7. Give volunteered time off (VTO)
Being socially responsible doesn’t have to cost money. Instead, you can offer up time.
Just like paid time off, the idea here is to give employees paid days off to provide volunteer services. Ideally, the organization that the employee is volunteering for is their choice or you might decide to collectively choose an organization and take a company-wide VTO day.
8. Discuss volunteer opportunities as a team
This can be as simple as creating an office Slack channel dedicated to informing other employees about volunteer opportunities in your community. Maybe there are people on your team who’d be interested in attending a weekend beach clean up or a drive to raise food and clothing donations for the homeless.
Start the discussion around these kinds of opportunities or put someone in charge of running the channel and sending out invites.
Edelman’s Goodpurpose study found that more than half of consumers said that if price and quality were equal, a brand’s social purpose would be the most important factor when they’re purchasing something.
Pressure from purpose-driven consumers and shifting societal norms is forcing companies to consider the social and environmental dimensions of their products and operations as core business decisions.
Nielsen’s Global Corporate Sustainability Report found that 66 percent of global consumers are willing to pay more for sustainable brands. It also found that Millennials were the most likely demographic to vote with their wallets — 73 percent of global Millennials are willing to pay extra for sustainable offerings.
A 2017 Cone Communications study about CSR found that companies must now share not only what they stand for, but what they stand up for. Some key takeaways from the study revealed:
- 63 percent of American consumers were looking to businesses to take the lead on social and environmental change.
- 78 percent of people wanted companies to address social justice issues.
- 76 percent of those surveyed said they would decline to do business with a company if it held views and supported issues that conflicted with their beliefs.
If done correctly, social responsibility is a great way to set your startup apart from the masses and practice good business ethics. Unfortunately, there are a lot of companies that have abused CSR initiatives for their own gain, and while there are still positive outcomes, they’re not always genuine.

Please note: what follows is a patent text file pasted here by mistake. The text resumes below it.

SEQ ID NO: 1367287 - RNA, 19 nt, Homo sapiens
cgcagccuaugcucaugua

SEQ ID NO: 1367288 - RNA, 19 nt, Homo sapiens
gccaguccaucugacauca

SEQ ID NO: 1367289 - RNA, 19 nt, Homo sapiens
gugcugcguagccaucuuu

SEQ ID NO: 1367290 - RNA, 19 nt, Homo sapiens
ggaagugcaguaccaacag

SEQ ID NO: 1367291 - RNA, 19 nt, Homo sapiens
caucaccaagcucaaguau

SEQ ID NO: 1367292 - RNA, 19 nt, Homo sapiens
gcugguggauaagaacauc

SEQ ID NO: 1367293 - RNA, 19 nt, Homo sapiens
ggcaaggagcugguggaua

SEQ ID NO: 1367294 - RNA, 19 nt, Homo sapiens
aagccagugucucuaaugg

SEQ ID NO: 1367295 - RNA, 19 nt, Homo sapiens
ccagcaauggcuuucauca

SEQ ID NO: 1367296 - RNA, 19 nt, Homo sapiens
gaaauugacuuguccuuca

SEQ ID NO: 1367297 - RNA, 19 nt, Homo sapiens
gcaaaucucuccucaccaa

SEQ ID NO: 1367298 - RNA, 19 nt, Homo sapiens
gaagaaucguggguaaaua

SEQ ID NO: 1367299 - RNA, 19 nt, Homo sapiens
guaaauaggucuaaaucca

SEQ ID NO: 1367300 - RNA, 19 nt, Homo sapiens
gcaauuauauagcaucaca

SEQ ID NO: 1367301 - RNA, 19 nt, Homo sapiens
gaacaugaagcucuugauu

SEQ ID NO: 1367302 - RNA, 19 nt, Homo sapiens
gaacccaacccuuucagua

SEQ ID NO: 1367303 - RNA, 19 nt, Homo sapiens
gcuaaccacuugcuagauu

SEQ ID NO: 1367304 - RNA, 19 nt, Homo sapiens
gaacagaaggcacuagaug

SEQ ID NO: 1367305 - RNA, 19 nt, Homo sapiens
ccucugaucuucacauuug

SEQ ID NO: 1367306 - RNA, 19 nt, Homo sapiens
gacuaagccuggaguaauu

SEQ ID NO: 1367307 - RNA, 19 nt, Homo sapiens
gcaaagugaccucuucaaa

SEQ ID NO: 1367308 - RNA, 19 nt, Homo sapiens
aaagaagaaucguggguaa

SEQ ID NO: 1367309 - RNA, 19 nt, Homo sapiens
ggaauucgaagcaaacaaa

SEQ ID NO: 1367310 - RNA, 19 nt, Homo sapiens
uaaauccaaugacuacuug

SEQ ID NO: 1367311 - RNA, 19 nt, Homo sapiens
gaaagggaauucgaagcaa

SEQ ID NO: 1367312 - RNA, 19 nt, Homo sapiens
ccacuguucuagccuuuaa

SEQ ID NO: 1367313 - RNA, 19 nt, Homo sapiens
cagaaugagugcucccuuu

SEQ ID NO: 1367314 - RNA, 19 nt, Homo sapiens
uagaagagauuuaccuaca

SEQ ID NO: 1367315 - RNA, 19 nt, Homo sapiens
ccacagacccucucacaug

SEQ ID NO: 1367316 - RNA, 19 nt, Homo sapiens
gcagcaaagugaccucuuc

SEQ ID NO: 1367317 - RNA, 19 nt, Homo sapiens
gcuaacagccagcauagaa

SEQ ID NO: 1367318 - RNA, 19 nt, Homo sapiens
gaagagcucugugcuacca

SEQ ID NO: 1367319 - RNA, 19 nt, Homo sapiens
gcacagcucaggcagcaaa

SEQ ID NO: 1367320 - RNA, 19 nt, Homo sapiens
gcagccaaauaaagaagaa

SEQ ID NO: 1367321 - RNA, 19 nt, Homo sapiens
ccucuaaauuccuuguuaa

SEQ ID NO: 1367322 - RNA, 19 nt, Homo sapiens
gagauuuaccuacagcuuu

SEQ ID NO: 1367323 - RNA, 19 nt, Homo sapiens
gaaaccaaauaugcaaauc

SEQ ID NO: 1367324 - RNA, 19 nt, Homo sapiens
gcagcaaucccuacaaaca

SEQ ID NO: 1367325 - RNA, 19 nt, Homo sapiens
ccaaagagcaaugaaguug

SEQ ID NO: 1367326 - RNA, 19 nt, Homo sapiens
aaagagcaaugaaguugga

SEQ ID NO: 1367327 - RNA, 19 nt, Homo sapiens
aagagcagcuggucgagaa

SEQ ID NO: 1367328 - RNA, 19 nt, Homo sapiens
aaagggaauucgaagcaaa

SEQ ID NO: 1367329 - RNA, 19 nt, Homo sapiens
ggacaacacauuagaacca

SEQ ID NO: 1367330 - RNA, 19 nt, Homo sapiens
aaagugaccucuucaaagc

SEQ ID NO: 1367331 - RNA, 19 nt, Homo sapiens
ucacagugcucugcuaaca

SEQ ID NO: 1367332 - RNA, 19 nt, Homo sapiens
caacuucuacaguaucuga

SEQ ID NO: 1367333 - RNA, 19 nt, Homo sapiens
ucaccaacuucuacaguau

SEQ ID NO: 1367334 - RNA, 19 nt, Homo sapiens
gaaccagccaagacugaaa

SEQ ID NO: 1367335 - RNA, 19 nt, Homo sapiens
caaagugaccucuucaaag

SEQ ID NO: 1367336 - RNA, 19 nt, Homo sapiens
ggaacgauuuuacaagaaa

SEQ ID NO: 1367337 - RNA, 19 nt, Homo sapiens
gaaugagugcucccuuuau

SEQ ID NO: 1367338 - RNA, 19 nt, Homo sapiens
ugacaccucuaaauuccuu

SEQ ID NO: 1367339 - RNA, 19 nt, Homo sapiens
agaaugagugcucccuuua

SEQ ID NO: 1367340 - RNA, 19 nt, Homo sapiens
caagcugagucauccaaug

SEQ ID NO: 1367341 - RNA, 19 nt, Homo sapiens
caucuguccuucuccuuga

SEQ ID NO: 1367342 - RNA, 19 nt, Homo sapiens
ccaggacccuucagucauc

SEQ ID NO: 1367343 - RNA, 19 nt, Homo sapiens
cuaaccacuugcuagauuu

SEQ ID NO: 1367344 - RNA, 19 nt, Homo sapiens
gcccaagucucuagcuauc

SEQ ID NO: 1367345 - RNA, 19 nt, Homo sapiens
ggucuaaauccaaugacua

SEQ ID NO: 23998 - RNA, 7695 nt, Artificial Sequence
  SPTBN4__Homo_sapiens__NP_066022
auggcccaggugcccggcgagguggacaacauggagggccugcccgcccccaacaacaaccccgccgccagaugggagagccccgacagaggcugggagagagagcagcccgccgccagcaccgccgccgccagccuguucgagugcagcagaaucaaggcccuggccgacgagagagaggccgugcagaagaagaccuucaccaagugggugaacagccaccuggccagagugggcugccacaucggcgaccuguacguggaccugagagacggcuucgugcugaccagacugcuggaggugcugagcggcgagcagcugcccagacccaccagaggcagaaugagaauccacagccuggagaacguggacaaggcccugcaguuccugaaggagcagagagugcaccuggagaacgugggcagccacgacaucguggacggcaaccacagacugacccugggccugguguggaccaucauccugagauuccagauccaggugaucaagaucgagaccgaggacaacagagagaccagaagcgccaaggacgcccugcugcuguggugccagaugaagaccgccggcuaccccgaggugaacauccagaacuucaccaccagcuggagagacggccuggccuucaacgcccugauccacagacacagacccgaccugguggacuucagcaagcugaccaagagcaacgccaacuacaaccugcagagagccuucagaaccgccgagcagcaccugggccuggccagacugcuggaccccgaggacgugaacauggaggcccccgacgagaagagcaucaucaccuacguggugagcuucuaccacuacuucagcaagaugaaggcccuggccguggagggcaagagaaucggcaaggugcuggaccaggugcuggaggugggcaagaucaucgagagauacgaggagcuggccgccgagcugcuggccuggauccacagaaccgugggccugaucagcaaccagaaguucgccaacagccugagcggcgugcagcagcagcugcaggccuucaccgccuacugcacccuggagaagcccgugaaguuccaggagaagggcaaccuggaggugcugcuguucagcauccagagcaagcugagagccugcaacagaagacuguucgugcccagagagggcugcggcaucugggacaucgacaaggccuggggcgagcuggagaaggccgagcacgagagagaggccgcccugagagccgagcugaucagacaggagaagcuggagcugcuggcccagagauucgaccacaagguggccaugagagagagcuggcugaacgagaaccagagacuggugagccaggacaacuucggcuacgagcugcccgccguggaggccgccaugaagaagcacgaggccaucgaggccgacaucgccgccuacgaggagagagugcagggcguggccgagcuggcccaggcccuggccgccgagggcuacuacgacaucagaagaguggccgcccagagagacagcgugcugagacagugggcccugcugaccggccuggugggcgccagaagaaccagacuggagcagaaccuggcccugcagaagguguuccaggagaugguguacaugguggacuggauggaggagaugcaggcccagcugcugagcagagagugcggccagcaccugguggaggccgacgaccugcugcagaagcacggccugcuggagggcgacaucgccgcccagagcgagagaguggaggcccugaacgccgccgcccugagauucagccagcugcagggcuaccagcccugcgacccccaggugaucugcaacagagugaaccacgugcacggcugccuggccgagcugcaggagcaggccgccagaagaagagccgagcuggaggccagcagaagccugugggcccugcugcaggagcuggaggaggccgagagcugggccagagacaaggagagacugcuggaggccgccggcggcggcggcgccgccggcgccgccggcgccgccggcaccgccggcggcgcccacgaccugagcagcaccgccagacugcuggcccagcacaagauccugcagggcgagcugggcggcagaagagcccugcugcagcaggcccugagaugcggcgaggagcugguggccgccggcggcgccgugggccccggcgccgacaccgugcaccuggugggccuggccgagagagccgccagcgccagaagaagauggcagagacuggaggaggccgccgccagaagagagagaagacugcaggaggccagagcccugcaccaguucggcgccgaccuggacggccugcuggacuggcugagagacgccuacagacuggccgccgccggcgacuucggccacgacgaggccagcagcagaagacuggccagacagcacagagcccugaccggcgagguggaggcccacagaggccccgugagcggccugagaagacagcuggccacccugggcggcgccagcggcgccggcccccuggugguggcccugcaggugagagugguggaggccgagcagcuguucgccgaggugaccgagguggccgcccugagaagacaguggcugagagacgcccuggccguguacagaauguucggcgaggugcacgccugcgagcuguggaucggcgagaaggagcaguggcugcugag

Simply put, if you can’t be authentic about social initiatives, don’t engage in them.
One of the best ways to avoid this ethical dilemma is to weave social responsibility initiatives into your core values. Core values will always be the north star that guides your startup.
Here are five things you should avoid at all costs when creating a socially responsible business model.
1. Using CSR to accrue “moral credits”
A study of Fortune 500 companies found that firms that engage in socially responsible behavior towards their stakeholders are subsequently more likely to engage in socially irresponsible behavior towards their same stakeholders at a later juncture.
While the majority of companies don’t set out to behave irresponsibly, it does happen. Don’t be that company that establishes a CSR agenda in an effort to accrue moral credits to keep the spotlight away from irresponsible behavior later on down the line.
2. Using company initiatives to hide or avoid a controversy
Similarly, if your company finds itself in a controversy, don’t deflect to socially responsible programs in an effort to brush any wrongdoings or bad publicity under the rug.
3. Charitable efforts that aren’t related to your core business focus or ethical standards
Instead of blindly sending money to a completely unrelated organization, find a nonprofit that your startup believes in or a project in your community that aligns with your core values.
4. Using CSR opportunities solely for marketing purposes
Early on in the guide, we talked about social responsibility as a way to help build your brand when getting off the ground. While co-branding and marketing opportunities can be perks of establishing a CSR program, you should never engage in initiatives for the sole purpose of marketing.
More often than not, this will backfire for your business. Instead of employing a one-time act, adopt long-term practices.
5. Don’t make decisions about social responsibility behind closed doors
Making these types of decisions behind closed doors will leave people (especially your employees) wondering if there are strings attached to these initiatives and if donations are actually going where you say they are.
Instead, engage your employees, so they feel like they have a voice and be transparent with the public about your efforts.
The bottom line: once you start compromising your values for short-term gains, there is no turning back, and in today’s climate, a company’s ethics and how a business executes social responsibility matter more than they did a few decades ago.
Not only do workers place more emphasis on the values of their employers, but if you want your startup to remain competitive and capable of attracting top talent, startup directors and officers should spend time defining, perfecting, and promoting your company’s ethical behavior early on.